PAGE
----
Baldwin-Motion Camaro

Baldwin-Motion Camaro

The Baldwin-Motion Camaro is a mythical muscle car from the late 1960’s and early 1970’s. They are so rare that they you will never find them on the public market for sale. That is until today. A 1969 Baldwin-Motion Camaro Phase III 427 was just listed for sale on the Cars-On-Line website. Its presence on the collector car market will send a ripple through the muscle car community.

A Baldwin-Motion Camaro today will bring more money than any of the Super Car Camaros of the muscle car era … more than a legendary Yenko, Berger or Nickey Camaro. That is because only seven 1969 Phase III 427 Baldwin-Motion Camaros were ever built by Joel Rosen back in the day. This is the only one that came with an automatic HD TH400 transmission, and it was the only one ordered in the Dusk Blue color. It has been written about sparingly over the years. (Follow this link to view the online ad.)

Ordered in October of 1969 at Baldwin Chevrolet on Long Island, it took until February of 1970 for Motion Performance to complete the work. Evidently the car had all the top end speed equipment of the day. The options list is incredible: “Superbite” shocks, “ET” traction bars, “Inglewood” wheels, “Sun Super” tach, “Mr. Gasket” air cleaner, “Mallory” coil, and more.

By the time the owner took possession of the car it was the one to beat on any track it showed up at. The current owner says he has loads of paperwork to prove the work Motion Performance did on the car. (Documentation can be seen in the ad photos online.) The seller has the Pro-tecto plate and work orders from the original owner, plus a letter of authenticity from Joel Rosen. Few Baldwin Motion cars have this type of extensive paperwork.

It is so authentic that when Highway 61 wanted to make a 1:18th scale diecast of a Baldwin-Motion Camaro they chose this one as the model. (Also seen in the photos.)
There were two different hoods you might have gotten from Motion Performance in 1969. You would either have had the more common 1967 Corvette stinger hood which was first used by Dickie Harrell on a 427 Camaro; or you might have gotten the 1968 Corvette big block hood. Both were used on Motion Camaros that year.

They say a MOTION Phase III car would be guaranteed to dyno in at 500 horsepower and to run at least an 11.0 ET through the quarter-mile.

MOTION Performance

Joel Rosen was a nationally known drag racer, street racer and hot rodder from Brooklyn. One day he discovered what would happen if you popped a big block 427 into a Camaro. That fateful day started an aftermarket empire for him that made MOTION Performance an internationally known brand. In 1966 he and Marty Schorr set up shop down the street from Baldwin Chevrolet on Long Island. With the help of the Chevrolet dealership they would sell race ready muscle cars with written guarantees to do specific times at the track.

Some famous Chevrolet dealerships throughout the United States would race prep high performance muscle cars for competition. Yenko Chevrolet in Pennsylvania, Nickey Chevrolet in Chicago, Berger Chevrolet in Grand Rapids, Michigan, Dana Chevrolet in Dana Point, California and Fredd Gibb Chevrolet in LaHarpe, Illinois were the most famous. Then there was Baldwin Chevrolet in New York. They were maybe the most famous of all because of their connection with their neighbor MOTION Performance, a company Joel Rosen founded with his sidekick Marty Schorr.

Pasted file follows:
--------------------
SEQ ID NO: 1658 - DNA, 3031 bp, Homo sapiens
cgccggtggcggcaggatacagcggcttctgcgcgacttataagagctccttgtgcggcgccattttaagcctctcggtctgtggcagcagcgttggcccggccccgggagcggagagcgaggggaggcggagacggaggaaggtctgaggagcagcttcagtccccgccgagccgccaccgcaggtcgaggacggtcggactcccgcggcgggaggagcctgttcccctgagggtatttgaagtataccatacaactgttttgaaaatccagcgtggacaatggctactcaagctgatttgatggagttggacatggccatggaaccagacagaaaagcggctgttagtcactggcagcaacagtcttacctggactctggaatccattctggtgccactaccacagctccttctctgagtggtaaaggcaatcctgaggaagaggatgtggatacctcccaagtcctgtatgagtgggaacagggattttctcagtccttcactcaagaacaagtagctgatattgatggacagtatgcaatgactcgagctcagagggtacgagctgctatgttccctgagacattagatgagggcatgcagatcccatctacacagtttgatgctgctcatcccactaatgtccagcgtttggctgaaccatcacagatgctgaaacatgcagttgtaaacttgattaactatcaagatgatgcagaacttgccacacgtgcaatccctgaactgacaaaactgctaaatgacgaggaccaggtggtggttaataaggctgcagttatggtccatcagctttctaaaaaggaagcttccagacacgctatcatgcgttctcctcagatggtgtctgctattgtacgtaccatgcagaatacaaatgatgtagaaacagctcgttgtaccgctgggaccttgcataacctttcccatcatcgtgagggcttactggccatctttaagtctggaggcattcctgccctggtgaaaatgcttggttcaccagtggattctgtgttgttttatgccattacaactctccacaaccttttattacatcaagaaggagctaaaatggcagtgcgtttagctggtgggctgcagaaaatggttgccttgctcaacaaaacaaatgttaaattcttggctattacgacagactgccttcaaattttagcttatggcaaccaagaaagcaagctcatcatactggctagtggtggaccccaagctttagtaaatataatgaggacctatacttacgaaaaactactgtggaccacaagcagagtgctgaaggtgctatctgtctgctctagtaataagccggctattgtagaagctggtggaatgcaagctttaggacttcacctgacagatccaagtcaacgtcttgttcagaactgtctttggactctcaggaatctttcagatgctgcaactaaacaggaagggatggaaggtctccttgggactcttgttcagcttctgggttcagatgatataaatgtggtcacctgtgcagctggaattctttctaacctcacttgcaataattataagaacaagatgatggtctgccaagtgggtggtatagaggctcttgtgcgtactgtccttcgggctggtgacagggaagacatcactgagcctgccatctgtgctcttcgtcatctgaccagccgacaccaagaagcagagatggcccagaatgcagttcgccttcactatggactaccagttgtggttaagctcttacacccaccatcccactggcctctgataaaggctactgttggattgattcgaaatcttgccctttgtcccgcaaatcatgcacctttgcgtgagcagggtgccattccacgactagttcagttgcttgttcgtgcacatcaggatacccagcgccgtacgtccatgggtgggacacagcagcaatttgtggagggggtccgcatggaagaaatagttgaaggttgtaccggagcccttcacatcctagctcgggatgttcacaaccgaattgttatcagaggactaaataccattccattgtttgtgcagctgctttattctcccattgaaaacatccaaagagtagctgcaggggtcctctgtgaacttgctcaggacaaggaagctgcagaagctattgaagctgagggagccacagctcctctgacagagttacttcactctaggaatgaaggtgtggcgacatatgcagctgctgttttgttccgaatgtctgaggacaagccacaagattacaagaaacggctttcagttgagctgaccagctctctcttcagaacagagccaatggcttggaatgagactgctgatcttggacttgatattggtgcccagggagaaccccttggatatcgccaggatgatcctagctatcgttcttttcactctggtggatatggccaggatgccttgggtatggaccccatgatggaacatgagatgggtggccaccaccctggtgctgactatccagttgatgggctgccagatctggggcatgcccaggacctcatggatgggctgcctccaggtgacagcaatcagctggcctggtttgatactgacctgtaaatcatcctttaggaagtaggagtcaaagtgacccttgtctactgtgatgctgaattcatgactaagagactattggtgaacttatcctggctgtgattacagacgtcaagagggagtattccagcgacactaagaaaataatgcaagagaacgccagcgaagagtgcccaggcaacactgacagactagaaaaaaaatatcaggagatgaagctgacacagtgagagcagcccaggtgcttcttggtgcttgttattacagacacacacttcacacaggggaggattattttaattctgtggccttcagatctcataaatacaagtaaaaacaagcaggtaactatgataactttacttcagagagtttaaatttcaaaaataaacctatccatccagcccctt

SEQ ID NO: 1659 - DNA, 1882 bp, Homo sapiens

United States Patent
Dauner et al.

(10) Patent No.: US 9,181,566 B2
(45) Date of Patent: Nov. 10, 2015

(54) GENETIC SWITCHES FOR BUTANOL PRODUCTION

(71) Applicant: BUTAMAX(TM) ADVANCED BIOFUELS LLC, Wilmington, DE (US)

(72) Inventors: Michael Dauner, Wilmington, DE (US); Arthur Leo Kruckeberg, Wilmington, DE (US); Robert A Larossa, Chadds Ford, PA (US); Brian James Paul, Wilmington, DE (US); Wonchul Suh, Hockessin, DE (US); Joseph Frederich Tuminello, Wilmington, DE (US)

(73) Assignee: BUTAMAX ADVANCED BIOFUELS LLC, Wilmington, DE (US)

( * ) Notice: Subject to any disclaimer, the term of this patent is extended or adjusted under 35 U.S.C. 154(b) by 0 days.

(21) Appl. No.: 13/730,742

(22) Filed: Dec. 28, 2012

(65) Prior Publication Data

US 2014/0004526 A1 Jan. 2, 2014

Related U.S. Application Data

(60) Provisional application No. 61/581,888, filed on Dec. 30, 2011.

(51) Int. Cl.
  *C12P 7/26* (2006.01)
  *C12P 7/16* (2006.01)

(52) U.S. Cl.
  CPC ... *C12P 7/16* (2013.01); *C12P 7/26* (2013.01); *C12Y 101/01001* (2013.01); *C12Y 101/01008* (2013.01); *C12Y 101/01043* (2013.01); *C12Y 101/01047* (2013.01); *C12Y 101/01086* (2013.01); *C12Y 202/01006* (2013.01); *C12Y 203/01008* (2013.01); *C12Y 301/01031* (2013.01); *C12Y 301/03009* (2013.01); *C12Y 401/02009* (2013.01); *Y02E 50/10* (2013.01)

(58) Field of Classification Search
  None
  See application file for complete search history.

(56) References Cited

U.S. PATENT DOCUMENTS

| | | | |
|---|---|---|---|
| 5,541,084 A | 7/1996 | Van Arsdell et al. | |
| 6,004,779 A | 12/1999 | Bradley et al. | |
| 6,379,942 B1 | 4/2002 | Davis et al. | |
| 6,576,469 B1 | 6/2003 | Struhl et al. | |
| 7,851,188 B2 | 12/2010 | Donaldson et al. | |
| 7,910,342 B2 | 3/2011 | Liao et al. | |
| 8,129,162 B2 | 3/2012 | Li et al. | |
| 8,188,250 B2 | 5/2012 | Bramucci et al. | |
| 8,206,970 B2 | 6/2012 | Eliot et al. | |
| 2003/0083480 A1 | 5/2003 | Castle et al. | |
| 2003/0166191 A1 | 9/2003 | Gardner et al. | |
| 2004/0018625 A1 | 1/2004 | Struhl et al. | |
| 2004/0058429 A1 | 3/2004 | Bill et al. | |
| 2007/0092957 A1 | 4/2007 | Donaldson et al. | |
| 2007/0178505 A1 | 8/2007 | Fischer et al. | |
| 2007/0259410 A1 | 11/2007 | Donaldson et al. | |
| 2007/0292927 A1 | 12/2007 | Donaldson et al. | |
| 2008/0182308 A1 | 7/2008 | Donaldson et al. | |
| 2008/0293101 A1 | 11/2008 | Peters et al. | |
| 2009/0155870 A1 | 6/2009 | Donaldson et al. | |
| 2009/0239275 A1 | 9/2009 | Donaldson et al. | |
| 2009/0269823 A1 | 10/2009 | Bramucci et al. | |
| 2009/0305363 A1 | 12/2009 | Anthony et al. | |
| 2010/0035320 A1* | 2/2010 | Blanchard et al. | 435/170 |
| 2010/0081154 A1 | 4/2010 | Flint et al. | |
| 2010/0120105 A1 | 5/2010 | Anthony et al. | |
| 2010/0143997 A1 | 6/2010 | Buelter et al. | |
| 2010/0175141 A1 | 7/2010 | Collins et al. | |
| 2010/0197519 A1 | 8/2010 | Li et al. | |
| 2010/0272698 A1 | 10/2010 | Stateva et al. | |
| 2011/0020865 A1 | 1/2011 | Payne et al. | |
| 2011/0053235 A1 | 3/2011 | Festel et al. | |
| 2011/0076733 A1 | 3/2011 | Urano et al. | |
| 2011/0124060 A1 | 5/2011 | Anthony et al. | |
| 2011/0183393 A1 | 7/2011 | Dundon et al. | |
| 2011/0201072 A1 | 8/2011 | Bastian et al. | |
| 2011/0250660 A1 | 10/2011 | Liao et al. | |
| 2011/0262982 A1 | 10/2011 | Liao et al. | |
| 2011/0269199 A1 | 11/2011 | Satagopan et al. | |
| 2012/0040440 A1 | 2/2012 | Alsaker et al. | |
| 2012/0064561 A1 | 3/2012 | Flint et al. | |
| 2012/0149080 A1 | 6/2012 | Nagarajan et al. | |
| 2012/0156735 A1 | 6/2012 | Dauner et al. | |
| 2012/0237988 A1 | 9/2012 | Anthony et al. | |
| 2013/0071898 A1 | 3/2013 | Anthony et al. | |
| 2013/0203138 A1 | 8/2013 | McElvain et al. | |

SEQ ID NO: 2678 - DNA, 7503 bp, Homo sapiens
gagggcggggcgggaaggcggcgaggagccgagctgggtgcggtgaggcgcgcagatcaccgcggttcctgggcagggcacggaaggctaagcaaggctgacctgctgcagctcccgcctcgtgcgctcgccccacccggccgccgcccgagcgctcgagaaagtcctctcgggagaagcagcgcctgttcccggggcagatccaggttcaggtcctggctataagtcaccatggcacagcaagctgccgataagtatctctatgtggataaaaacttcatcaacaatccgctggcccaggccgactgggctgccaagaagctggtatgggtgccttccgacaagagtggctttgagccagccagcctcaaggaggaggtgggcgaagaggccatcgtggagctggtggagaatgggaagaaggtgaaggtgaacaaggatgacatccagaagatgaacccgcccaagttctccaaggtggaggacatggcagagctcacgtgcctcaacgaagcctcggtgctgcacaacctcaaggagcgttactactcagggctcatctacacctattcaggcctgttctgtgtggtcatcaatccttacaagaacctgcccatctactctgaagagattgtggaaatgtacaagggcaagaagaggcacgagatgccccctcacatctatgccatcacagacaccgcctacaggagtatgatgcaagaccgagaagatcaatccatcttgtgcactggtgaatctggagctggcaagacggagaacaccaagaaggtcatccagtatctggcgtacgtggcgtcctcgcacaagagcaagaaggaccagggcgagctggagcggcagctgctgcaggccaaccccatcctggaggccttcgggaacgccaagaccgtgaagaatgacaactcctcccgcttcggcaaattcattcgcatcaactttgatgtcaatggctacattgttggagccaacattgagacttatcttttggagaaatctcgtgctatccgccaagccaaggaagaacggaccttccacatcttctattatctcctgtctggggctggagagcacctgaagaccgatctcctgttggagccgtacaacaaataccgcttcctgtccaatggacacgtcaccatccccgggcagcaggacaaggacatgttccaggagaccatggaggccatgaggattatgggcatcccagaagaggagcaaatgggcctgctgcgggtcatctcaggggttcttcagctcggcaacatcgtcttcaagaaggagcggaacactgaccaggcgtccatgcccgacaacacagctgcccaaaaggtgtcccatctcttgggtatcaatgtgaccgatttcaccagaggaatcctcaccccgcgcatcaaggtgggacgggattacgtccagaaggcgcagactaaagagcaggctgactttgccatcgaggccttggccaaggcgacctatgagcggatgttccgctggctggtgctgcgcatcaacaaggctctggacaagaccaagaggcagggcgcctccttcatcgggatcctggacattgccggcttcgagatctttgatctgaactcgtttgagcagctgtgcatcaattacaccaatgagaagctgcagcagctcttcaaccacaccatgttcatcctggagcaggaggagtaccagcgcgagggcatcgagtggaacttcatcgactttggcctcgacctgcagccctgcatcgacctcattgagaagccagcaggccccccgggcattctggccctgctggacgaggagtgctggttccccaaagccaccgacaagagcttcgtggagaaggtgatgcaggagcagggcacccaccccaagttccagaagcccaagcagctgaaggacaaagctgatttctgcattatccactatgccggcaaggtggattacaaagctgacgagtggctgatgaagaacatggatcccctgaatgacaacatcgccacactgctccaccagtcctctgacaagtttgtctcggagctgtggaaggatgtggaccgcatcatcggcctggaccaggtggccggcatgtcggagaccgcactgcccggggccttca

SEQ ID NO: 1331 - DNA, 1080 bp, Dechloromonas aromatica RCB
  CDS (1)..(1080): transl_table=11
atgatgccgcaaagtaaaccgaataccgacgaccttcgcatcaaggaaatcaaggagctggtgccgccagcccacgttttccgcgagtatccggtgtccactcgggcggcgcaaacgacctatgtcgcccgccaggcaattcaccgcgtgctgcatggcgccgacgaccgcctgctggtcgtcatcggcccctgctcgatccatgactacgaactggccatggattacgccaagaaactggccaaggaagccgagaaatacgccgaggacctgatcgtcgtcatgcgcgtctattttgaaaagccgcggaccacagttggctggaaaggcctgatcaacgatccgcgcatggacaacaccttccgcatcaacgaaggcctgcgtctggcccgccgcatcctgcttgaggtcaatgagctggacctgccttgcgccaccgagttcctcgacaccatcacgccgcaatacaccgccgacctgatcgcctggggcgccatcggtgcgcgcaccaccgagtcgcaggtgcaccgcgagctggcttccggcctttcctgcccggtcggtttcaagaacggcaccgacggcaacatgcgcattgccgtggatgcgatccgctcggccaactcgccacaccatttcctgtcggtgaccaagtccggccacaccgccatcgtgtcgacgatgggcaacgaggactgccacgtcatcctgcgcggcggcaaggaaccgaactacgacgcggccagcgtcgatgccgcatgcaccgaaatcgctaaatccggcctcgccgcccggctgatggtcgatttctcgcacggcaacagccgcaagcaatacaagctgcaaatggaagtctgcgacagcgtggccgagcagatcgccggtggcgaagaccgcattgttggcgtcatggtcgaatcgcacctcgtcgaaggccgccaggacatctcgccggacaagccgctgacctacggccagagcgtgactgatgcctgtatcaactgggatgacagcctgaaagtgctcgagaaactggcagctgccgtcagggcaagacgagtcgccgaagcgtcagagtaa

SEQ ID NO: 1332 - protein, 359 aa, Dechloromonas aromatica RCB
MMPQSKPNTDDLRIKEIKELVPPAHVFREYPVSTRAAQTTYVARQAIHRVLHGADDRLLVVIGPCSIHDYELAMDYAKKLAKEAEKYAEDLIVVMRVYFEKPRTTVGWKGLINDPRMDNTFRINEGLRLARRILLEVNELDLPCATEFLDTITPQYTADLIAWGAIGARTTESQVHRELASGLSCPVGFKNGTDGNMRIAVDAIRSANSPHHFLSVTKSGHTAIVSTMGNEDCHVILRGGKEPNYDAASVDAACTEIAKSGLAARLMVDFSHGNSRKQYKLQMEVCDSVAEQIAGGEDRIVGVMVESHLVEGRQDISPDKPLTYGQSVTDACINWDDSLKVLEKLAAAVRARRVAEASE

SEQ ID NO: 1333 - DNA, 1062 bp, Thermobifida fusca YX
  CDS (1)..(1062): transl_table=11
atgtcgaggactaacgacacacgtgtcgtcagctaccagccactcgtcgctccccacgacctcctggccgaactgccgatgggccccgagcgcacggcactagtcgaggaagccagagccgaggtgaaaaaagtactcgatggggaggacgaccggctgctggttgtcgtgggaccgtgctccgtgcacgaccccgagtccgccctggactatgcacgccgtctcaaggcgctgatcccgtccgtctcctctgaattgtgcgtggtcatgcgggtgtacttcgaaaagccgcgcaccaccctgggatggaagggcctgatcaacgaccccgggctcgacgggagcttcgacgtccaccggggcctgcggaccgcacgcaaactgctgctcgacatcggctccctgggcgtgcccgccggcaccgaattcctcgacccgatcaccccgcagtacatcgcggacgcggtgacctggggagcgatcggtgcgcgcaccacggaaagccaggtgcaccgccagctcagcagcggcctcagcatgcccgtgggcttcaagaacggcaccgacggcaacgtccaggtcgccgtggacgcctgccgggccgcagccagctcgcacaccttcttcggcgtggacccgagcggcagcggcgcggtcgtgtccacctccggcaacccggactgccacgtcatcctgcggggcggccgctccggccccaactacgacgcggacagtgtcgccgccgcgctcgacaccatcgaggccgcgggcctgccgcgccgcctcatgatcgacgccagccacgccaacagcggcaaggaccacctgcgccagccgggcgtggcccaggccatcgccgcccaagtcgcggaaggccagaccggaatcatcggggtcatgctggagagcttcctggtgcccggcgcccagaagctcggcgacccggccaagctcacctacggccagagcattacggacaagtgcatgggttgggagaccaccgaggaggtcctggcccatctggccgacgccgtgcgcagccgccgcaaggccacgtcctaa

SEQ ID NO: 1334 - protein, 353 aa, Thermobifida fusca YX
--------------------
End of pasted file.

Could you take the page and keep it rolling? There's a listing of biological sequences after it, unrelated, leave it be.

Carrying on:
Starting in 1967, Baldwin-Motion offered SS (425-hp) and Phase III (500-hp and up) big-block Camaros, Novas, Chevelles, Corvettes and Biscayne race cars for sale. Cars were sold at Baldwin Chevrolet or Motion Performance, converted by Motion and financed and delivered by Baldwin.

Rosen would produce a new car per each customer’s specifications. The first question he asked was, ” … how fast do you want to go?” He would then negotiate a price and guarantee an ET that the car would do. We have seen ads that Rosen published offering a written guarantee that a car would produce a predicted elapsed time at the drag strip or he would refund the work done on the car. On the occasion that the new owner could not achieve the ET when he went to the track, Rosen would send out a driver to show that it could be done. Rosen has said that he never had to pay a refund.

Although every car that Rosen built was a little different, most of his Phase III cars had identifiable items. He used the famous “fly eye” air filter and CP finned aluminum valve covers with MOTION emblems . The ignition systems consisted of Mallory products such as dual point distributors and the Mallory coils. They say the intakes were almost always Edelbrock.

There would be five identifying emblems on each car. The 427 emblem on each front fender, two MOTION emblems in the engine compartmet on each CP finned valve cover, and one SS427 emblem on the right rear tail panel. Baldwin Chevrolet would have a dealer tag on the left rear tail panel.

Rosen further would “sign” his MOTION cars with decals. There would be a MOTION Dyno Tuned decal and a MOTION Performance decal on each car. The MOTION Performance parts decal was usually located on the bottom center of the rear window or on the inner fender. The MOTION Dyno Tuned decal was located on the lower right of the windshield. You might also find a MOTION Supercar Club decal, or even a Mr MOTION decal on the car.

To read about other Camaro “Super Cars” such as Yenko Camaros, Berger Camaros, Nickey Camaros and more, follow this link to other articles we have published, or do a search in the upper right corner of this page. 

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